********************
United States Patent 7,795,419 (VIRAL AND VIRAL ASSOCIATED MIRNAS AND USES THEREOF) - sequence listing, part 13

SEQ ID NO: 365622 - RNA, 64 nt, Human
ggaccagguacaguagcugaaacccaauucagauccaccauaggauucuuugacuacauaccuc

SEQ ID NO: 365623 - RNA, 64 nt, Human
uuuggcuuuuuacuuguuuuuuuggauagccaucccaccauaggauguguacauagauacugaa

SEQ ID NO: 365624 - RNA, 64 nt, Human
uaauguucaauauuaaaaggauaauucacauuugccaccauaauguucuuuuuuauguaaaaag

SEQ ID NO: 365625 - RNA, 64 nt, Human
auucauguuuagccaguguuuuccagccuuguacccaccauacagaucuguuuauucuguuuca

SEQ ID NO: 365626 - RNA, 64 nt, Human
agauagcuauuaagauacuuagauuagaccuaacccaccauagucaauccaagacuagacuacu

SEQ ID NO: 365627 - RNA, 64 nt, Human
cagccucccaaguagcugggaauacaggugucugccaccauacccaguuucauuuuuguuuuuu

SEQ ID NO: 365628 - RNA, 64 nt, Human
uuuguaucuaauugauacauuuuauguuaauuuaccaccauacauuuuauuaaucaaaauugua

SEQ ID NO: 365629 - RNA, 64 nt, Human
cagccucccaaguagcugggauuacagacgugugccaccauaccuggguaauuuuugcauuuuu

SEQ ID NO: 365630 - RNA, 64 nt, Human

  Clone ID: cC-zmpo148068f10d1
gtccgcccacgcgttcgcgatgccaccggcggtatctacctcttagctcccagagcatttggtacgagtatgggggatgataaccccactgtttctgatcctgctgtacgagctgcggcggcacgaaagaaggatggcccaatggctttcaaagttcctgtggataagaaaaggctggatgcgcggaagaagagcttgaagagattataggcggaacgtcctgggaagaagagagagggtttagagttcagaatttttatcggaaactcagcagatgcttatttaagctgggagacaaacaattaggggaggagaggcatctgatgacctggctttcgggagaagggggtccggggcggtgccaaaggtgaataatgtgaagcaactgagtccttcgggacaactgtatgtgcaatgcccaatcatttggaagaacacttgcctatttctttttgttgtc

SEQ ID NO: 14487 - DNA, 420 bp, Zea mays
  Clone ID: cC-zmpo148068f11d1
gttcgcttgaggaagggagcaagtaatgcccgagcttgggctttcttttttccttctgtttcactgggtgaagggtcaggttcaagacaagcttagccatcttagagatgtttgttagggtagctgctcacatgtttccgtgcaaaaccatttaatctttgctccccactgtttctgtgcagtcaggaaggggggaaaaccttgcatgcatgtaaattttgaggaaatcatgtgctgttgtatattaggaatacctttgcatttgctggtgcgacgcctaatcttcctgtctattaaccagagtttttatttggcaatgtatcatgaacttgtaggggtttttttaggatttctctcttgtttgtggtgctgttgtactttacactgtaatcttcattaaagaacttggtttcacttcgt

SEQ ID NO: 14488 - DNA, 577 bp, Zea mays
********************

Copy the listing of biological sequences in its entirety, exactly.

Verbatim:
United States Patent 7,795,419 (VIRAL AND VIRAL ASSOCIATED MIRNAS AND USES THEREOF) - sequence listing, part 13

SEQ ID NO: 365622 - RNA, 64 nt, Human
ggaccagguacaguagcugaaacccaauucagauccaccauaggauucuuugacuacauaccuc

SEQ ID NO: 365623 - RNA, 64 nt, Human
uuuggcuuuuuacuuguuuuuuuggauagccaucccaccauaggauguguacauagauacugaa

SEQ ID NO: 365624 - RNA, 64 nt, Human
uaauguucaauauuaaaaggauaauucacauuugccaccauaauguucuuuuuuauguaaaaag

SEQ ID NO: 365625 - RNA, 64 nt, Human
auucauguuuagccaguguuuuccagccuuguacccaccauacagaucuguuuauucuguuuca

SEQ ID NO: 365626 - RNA, 64 nt, Human
agauagcuauuaagauacuuagauuagaccuaacccaccauagucaauccaagacuagacuacu

SEQ ID NO: 365627 - RNA, 64 nt, Human
cagccucccaaguagcugggaauacaggugucugccaccauacccaguuucauuuuuguuuuuu

SEQ ID NO: 365628 - RNA, 64 nt, Human
uuuguaucuaauugauacauuuuauguuaauuuaccaccauacauuuuauuaaucaaaauugua

SEQ ID NO: 365629 - RNA, 64 nt, Human
cagccucccaaguagcugggauuacagacgugugccaccauaccuggguaauuuuugcauuuuu

SEQ ID NO: 365630 - RNA, 64 nt, Human

  Clone ID: cC-zmpo148068f10d1
gtccgcccacgcgttcgcgatgccaccggcggtatctacctcttagctcccagagcatttggtacgagtatgggggatgataaccccactgtttctgatcctgctgtacgagctgcggcggcacgaaagaaggatggcccaatggctttcaaagttcctgtggataagaaaaggctggatgcgcggaagaagagcttgaagagattataggcggaacgtcctgggaagaagagagagggtttagagttcagaatttttatcggaaactcagcagatgcttatttaagctgggagacaaacaattaggggaggagaggcatctgatgacctggctttcgggagaagggggtccggggcggtgccaaaggtgaataatgtgaagcaactgagtccttcgggacaactgtatgtgcaatgcccaatcatttggaagaacacttgcctatttctttttgttgtc

SEQ ID NO: 14487 - DNA, 420 bp, Zea mays
  Clone ID: cC-zmpo148068f11d1
gttcgcttgaggaagggagcaagtaatgcccgagcttgggctttcttttttccttctgtttcactgggtgaagggtcaggttcaagacaagcttagccatcttagagatgtttgttagggtagctgctcacatgtttccgtgcaaaaccatttaatctttgctccccactgtttctgtgcagtcaggaaggggggaaaaccttgcatgcatgtaaattttgaggaaatcatgtgctgttgtatattaggaatacctttgcatttgctggtgcgacgcctaatcttcctgtctattaaccagagtttttatttggcaatgtatcatgaacttgtaggggtttttttaggatttctctcttgtttgtggtgctgttgtactttacactgtaatcttcattaaagaacttggtttcacttcgt

SEQ ID NO: 14488 - DNA, 577 bp, Zea mays